DC tries to gain new readership
September 8, 2011
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Opinions Editor shares his thoughts on pop culture and media.
It isn’t quite the start of a new year, but September always is a new beginning. A new school year, the beginning of autumn, and fresh episodes of your favorite television shows. This year, September brings another beginning: a brand new DC Comics Universe.
Earlier this year, DC announced that it was going to cancel all of its titles (with some flagship titles such as “Batman” being renewed, of course), and start fresh with 52 brand new issue number ones.
This is clearly a strategy to gain new readers. It’s far easier for someone new to comics, but interested in them, to pick up issue one than issue 800-and-something.
I would guess it’s DC’s way to compete with Marvel Comics’ popular movie franchises as a way to drum up more interest in their comics.
The only movie that DC had that was on the same level of popularity and critical acclaim is Christopher Nolan’s “The Dark Knight,” and it’s very hard for one movie to compete with “Iron Man,” “Captain America,” Robert Downey, Jr. and Samuel L. Jackson.
It seems odd to me that DC would push so hard to gain new readers, when January of this year they launched a campaign where they were dropping the prices of all of their titles to $2.99, which was enticing current readers to keep buying the same amount of titles they were already getting.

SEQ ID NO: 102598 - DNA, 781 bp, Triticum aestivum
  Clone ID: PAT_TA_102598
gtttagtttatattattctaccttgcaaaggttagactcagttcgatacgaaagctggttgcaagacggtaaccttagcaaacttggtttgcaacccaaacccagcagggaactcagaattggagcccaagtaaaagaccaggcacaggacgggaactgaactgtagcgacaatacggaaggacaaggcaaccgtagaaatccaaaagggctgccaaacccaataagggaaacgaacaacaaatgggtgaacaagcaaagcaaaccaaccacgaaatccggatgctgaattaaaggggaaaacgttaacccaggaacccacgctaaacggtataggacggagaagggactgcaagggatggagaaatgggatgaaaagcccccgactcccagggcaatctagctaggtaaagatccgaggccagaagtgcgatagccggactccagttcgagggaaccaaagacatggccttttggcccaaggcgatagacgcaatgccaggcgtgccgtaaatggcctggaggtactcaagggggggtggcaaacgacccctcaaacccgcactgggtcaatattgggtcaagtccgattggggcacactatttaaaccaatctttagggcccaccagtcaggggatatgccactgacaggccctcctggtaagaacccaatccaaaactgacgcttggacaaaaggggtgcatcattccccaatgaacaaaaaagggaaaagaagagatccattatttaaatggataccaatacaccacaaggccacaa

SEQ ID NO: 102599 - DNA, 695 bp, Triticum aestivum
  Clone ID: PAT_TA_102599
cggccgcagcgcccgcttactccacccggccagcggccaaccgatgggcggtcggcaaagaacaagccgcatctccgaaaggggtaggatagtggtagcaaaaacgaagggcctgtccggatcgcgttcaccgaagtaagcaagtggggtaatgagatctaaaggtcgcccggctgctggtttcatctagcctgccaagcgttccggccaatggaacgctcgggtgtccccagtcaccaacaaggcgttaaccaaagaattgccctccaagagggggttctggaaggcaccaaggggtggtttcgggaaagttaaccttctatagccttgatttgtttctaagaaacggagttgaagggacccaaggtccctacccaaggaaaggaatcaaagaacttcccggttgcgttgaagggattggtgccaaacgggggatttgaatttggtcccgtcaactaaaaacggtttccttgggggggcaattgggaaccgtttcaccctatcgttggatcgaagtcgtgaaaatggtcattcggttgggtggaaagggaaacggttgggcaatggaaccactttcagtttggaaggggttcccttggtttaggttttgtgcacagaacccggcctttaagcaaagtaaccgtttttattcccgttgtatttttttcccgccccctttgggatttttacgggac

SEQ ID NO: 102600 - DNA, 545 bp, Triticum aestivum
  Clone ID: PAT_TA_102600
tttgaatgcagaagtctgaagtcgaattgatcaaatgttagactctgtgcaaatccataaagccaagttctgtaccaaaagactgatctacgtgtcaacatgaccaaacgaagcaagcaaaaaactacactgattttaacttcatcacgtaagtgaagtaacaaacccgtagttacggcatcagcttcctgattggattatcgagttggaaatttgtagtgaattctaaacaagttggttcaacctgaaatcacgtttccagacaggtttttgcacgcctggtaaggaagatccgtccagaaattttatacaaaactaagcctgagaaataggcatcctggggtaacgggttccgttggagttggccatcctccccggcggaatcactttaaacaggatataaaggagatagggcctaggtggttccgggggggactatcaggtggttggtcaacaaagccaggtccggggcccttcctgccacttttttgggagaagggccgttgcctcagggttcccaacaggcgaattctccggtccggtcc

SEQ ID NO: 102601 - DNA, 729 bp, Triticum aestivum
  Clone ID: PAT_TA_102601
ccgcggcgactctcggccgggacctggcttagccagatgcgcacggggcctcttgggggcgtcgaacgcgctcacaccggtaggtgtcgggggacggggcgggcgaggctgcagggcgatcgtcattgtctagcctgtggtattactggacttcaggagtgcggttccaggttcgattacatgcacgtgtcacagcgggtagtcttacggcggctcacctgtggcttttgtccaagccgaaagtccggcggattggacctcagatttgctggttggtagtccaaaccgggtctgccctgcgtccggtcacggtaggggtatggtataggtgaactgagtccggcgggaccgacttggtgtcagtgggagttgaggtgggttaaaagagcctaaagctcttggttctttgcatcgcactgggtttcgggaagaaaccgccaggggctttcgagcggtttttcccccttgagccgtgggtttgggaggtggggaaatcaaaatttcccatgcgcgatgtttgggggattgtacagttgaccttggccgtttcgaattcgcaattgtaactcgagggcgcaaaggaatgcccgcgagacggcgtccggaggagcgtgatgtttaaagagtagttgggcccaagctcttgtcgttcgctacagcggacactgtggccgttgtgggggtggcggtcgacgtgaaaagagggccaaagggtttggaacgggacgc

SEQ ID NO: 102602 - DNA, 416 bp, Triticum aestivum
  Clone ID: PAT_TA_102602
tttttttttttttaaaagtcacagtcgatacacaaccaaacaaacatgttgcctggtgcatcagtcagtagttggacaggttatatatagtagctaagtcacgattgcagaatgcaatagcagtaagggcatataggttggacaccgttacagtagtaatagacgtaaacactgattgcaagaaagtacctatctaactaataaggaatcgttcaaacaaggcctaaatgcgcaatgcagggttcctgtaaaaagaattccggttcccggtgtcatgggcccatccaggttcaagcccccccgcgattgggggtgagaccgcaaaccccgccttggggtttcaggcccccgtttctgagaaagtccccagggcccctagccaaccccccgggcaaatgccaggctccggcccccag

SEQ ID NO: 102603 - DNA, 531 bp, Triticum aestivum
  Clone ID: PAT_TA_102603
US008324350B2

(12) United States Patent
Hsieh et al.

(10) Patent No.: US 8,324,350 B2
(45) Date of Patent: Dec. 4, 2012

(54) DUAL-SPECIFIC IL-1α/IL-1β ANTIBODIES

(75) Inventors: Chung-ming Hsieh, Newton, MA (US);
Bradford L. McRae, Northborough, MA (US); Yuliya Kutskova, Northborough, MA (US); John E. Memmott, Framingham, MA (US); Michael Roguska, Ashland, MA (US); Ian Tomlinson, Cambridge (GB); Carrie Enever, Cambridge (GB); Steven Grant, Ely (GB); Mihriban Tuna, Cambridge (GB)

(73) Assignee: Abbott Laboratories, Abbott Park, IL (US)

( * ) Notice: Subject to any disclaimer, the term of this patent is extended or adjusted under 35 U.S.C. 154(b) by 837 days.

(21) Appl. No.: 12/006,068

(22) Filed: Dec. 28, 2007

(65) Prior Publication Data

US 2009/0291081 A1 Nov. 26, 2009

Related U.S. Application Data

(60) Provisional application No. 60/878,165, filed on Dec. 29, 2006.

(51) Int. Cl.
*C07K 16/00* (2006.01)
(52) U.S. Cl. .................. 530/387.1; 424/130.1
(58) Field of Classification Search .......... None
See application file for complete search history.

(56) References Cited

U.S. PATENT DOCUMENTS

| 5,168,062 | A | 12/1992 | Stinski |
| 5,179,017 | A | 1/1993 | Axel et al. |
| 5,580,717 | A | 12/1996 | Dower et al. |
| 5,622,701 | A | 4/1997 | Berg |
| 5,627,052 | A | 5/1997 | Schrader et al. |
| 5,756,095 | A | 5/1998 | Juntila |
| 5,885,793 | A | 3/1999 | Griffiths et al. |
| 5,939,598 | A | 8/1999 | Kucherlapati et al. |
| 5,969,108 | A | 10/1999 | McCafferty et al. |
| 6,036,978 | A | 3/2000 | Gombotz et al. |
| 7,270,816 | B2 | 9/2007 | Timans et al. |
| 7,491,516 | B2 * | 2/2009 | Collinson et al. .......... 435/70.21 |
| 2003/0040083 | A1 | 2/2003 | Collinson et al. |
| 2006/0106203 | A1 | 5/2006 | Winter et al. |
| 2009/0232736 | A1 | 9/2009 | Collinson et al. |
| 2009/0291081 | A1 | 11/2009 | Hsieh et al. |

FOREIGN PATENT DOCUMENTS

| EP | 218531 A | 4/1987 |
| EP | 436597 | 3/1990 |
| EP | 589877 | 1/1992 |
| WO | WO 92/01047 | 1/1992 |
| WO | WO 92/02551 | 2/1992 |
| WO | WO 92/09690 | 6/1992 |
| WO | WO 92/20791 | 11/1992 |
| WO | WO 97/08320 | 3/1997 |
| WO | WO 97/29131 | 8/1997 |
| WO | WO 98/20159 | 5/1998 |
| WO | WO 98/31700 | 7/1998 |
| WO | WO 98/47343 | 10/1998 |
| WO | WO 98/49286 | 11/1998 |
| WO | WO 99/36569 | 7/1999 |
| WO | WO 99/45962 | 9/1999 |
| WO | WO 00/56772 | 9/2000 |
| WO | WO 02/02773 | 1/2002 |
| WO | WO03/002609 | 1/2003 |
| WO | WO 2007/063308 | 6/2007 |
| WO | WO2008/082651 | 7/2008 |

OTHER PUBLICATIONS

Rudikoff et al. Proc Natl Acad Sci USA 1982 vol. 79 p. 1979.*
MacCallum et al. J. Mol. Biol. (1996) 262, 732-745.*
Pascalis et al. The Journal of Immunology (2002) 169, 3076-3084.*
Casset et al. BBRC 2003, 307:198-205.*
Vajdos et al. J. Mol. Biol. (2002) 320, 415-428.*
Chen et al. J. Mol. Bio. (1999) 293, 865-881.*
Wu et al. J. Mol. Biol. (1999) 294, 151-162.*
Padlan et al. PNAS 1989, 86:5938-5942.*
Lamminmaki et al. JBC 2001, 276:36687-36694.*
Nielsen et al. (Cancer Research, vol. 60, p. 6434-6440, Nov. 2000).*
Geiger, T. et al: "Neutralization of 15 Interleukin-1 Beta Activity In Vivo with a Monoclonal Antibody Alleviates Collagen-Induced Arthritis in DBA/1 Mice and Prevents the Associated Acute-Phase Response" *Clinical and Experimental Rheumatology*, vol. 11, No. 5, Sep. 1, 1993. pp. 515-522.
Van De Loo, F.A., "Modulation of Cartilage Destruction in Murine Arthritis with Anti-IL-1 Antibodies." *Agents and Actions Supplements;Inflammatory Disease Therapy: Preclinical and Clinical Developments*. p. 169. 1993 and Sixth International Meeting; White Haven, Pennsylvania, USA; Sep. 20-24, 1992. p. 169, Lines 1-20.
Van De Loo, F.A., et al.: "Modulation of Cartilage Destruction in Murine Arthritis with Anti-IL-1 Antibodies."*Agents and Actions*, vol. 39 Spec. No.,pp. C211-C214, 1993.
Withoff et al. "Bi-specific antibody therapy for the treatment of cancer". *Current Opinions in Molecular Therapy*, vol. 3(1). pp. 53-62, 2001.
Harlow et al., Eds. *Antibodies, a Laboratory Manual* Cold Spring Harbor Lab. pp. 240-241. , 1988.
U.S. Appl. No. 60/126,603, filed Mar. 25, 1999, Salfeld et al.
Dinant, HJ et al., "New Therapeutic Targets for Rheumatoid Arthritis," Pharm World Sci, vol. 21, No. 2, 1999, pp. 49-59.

It only took nine months before DC decided keeping their old readers wasn’t enough, and as a DC fan who has put a lot of money into their company, I feel a little left by the wayside.
Another part of this announcement that doesn’t sit well with me is the announcement that DC will also be releasing their new 52 titles in a digital format on the same day as the physical copy is released.
At least keeping it the same price as the physical copy is a step in the right direction, but I’m a bit of a purist. I think my music should be on a vinyl, or at least a CD (no digital for me, thanks), and my comics should be in print.
I’ve tried reading digital comics before, and nothing ruins a two-page spread than having to scroll to read it. Print comics are already dying out and flooding the market with digital counterparts will hurt the struggling comic shops and will hurt the medium itself.
If artists end up adapting their styles to fit on a tablet or, even worse, a smart phone, they will lose their flair. I buy titles drawn by J.H. Williams III because his art is so fluid and innovative, and a digital comic just won’t do his work justice.
But the relaunch isn’t all doom and gloom. DC is at least smart enough to keep most of the teams on their various Green Lantern and Batman titles, DC’s highest profile and, in my opinion, better titles, relatively the same.
It was nice to see Scott Snyder get upgrade from Detective Comics to Batman, the more popular title.
Superman and Wonder Woman are getting high profile writers who will shake up the characters, something they tried before over the last year, with poor critical reception.
I think what I’m most excited for is Aquaman getting his own title again. Say what you will about him, but if anyone can write a good Aquaman story, it’s Geoff Johns.